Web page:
Teresa Brewer (7 May 1931 ? 17 October 2007) was an American pop singer, incorporating country, jazz, R&B, musicals, and novelty songs. She was one of the most prolific and popular female singers of the 1950s, recording nearly 600 songs. Born Theresa Breuer in Toledo, Ohio, Brewer died of a neuromuscular disease at her home in New Rochelle, N.Y. at the age of 76.
Life and career
Teresa Brewer grew up in Toledo, Ohio, USA. Her father was an inspector of glass for the Libbey Owens Company (now Pilkington Glass); her mother was a housewife. At the age of two, Theresa was taken by her mother to audition for a radio program, "Uncle August's Kiddie Show" on Toledo's WSPD.
She performed for cookies and cupcakes donated by the sponsor. Although she never took singing lessons, she took tap dancing lessons. From age five to twelve, she toured with the "Major Bowes Amateur Hour", then a popular radio show, both singing and dancing. Her aunt Mary traveled with Theresa until 1949, when Theresa married. She was devoted to her aunt, who shared Brewer's home until her death in 1993.
At the age of 12, Theresa was brought back to Toledo, ceasing touring to have a normal school life. She continued to perform on local radio. In January 1948 the 16 years-old Theresa won a local competition and (with three other winners) was sent to New York to appear on a talent show called "Stairway to the Stars", featuring Eddie Dowling. It was about that time that she changed the spelling of her name from Theresa Breuer to Teresa Brewer. She won a number of talent shows and played night clubs in New York (including the famous Latin Quarter).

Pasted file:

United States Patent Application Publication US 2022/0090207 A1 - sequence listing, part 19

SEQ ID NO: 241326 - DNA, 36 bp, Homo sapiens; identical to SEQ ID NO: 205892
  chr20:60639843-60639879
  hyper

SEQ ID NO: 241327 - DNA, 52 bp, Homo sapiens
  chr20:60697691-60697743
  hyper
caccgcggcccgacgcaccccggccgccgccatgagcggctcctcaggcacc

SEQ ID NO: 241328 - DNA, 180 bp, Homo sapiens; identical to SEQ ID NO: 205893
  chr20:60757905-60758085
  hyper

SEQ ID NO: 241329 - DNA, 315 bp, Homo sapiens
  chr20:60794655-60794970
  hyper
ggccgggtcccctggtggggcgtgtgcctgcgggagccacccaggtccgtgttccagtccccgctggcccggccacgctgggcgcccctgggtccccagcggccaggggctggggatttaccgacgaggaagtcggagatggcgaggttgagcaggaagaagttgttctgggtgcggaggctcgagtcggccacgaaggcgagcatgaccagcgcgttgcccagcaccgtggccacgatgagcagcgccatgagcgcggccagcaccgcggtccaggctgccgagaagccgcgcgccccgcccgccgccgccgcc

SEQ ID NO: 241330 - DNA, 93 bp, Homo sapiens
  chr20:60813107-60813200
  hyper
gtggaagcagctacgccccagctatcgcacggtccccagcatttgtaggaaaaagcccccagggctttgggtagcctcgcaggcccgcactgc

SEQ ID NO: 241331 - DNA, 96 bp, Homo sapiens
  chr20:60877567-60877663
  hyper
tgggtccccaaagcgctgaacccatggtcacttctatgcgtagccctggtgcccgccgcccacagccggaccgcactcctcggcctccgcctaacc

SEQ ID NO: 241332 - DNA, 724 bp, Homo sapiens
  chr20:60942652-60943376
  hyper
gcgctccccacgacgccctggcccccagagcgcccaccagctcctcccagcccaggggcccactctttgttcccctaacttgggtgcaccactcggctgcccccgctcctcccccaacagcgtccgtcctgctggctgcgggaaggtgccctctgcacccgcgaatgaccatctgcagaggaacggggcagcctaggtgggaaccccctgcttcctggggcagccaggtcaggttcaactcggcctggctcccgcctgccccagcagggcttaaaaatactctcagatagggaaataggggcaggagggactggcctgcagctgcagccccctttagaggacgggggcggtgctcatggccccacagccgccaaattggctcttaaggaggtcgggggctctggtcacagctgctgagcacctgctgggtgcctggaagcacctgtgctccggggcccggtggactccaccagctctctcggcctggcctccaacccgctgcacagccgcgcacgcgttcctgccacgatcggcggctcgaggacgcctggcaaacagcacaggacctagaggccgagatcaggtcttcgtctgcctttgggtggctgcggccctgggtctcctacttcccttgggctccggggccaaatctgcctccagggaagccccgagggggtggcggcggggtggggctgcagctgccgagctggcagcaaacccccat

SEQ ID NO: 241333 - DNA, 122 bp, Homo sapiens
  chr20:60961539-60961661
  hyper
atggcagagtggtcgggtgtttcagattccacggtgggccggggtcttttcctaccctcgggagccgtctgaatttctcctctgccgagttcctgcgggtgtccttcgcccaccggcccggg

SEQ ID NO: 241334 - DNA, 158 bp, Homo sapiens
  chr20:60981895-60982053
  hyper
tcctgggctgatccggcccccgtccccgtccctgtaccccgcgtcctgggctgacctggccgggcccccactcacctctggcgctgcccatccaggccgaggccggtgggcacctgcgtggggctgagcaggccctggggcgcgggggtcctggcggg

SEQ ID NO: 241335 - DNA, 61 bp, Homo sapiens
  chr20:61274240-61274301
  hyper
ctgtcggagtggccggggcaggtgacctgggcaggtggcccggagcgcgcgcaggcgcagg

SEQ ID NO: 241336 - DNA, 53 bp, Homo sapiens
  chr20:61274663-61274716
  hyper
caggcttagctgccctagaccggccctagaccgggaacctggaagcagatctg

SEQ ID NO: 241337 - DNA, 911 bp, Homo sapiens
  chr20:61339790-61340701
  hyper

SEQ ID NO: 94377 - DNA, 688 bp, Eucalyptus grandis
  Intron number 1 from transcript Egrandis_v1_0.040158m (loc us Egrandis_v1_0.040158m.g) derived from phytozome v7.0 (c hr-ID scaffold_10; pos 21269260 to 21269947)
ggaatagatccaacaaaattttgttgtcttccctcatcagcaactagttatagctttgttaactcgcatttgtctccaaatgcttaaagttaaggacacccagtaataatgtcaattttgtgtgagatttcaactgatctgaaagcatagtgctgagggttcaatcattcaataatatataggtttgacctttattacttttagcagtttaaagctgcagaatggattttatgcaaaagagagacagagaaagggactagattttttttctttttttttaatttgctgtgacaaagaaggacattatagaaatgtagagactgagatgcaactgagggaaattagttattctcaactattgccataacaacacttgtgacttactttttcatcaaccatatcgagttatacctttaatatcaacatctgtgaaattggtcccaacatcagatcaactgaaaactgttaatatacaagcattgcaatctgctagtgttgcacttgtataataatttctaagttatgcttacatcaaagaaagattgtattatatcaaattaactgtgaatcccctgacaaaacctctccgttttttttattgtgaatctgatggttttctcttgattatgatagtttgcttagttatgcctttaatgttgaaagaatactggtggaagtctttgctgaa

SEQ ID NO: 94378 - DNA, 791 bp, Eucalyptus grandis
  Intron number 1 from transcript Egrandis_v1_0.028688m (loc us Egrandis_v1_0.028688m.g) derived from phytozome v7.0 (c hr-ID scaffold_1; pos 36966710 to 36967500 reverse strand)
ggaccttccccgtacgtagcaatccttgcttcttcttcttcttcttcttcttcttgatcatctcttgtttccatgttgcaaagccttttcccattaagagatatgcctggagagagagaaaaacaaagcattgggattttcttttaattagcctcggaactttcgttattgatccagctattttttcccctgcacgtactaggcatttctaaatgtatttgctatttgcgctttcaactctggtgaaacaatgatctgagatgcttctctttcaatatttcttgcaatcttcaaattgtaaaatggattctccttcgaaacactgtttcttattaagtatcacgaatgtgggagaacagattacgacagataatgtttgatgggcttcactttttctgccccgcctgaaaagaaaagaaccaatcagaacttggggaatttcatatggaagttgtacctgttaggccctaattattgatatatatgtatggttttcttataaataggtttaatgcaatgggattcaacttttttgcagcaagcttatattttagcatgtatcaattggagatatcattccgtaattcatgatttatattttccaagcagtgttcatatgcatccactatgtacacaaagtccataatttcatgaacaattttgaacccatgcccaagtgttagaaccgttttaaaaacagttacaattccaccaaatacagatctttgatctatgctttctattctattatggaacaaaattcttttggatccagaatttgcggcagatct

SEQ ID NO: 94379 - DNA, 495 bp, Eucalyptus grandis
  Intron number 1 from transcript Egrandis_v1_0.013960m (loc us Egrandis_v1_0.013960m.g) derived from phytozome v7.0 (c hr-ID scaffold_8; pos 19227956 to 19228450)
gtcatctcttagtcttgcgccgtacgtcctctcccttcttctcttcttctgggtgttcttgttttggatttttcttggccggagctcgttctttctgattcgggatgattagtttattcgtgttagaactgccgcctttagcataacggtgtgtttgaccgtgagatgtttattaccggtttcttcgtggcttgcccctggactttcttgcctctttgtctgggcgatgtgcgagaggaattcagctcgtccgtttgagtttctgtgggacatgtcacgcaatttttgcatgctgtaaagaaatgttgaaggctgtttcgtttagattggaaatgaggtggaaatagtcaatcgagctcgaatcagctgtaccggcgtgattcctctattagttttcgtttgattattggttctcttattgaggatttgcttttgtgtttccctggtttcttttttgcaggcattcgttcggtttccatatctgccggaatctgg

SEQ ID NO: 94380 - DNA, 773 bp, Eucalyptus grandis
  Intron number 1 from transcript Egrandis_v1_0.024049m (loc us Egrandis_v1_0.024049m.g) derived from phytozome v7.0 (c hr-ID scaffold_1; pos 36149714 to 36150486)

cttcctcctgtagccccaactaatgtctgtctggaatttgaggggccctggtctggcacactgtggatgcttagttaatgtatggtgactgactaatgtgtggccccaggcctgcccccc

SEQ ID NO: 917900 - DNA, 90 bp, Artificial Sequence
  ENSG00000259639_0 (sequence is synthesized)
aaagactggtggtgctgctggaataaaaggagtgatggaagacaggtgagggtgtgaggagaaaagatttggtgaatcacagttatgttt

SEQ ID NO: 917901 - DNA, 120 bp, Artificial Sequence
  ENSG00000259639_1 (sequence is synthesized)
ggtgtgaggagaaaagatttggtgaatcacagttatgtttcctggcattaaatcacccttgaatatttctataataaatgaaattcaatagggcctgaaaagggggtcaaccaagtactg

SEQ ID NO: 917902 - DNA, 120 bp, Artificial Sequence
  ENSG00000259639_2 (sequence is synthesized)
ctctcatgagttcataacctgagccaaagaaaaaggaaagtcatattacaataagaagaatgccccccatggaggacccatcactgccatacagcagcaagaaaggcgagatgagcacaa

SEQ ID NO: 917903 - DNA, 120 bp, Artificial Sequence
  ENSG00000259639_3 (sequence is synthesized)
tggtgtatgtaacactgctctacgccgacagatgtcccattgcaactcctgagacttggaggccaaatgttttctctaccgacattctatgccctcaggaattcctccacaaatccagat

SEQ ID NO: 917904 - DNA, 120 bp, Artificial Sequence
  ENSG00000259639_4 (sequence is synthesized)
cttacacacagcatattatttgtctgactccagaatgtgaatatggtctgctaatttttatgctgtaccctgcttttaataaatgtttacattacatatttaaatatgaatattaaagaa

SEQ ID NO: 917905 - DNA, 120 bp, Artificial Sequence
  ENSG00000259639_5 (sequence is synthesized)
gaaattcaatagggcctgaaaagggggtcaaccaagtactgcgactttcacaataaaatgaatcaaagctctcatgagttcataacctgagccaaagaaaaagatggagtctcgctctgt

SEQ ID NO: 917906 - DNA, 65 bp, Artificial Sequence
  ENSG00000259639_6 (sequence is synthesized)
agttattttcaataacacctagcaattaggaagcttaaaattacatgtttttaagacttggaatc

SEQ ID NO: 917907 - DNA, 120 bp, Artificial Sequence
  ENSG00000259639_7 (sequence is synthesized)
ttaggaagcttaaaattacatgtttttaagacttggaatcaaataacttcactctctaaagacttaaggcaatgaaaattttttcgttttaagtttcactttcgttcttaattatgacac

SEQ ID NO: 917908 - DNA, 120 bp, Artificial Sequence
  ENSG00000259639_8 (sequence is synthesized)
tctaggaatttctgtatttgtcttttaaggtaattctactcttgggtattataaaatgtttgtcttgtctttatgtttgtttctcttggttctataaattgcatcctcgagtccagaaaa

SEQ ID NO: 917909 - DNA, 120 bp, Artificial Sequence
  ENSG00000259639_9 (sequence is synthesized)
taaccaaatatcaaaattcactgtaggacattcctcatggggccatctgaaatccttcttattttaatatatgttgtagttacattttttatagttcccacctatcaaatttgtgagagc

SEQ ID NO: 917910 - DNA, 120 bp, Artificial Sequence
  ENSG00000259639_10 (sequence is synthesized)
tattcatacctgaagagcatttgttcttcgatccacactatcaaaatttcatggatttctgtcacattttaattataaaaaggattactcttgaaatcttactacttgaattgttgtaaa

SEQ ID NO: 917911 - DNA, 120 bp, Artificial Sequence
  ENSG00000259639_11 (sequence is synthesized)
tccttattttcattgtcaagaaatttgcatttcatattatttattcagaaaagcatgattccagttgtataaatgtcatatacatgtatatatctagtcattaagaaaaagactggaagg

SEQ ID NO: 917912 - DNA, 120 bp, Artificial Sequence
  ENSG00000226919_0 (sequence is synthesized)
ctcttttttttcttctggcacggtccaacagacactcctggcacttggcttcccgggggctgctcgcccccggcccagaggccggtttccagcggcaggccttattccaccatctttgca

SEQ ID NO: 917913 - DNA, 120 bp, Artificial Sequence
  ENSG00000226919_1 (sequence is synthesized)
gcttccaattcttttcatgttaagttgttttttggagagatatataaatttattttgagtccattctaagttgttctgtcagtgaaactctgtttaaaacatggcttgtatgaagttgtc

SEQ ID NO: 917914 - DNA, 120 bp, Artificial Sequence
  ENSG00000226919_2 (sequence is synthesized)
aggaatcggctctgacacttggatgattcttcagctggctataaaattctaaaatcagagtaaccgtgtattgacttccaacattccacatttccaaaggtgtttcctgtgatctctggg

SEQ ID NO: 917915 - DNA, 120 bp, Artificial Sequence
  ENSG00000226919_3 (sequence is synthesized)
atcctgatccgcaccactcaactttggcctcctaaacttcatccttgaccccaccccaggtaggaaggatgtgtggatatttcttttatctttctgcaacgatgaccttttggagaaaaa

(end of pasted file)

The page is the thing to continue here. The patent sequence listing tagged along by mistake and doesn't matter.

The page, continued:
An agent, Richie Lisella, heard her sing and took her career in hand, and soon she was signed to a contract with London Records. In 1949 she recorded a record called "Copenhagen" with the Dixieland All-Stars. The B side was a song called "Music! Music! Music!" by Stephen Weiss and Bernie Baum. Unexpectedly, it was not the A side but the B side that took off, selling over a million copies, and it became Teresa's signature song.
Another novelty song, "Choo'n Gum", hit the top 20 in 1950, followed by "Molasses, Molasses". Although she preferred to sing ballads, the only one of those that made the charts was "Longing for You" in 1951.
In 1951 she switched labels, going to Coral Records. By this time she was married with a daughter, Kathleen. Since she never learned to read music, she had a demo sent to her to learn the tunes of her songs. Even so, she had a number of hits for Coral, though one of her recordings, "Gonna Get Along Without You Now" (1952) was better known in a 1956 version by Patience and Prudence and was also a hit in 1964 for Skeeter Davis as well as Tracey Dey. Also that year she recorded "You'll Never Get Away" in a duet with Don Cornell, and in 1953 came her best selling hit, "Till I Waltz Again with You".
More 1953 hits were "Dancin' with Someone," "Into Each Life Some Rain Must Fall", and another gold record, "Ricochet". In later years she followed with "Baby, Baby, Baby", "Bell Bottom Blues", "Our Heartbreaking Waltz" (written by Sidney Prosen, who had written "Till I Waltz Again With You"), and "Skinnie Minnie". During those years she continued to play the big night clubs in New York, Chicago, Las Vegas, and elsewhere.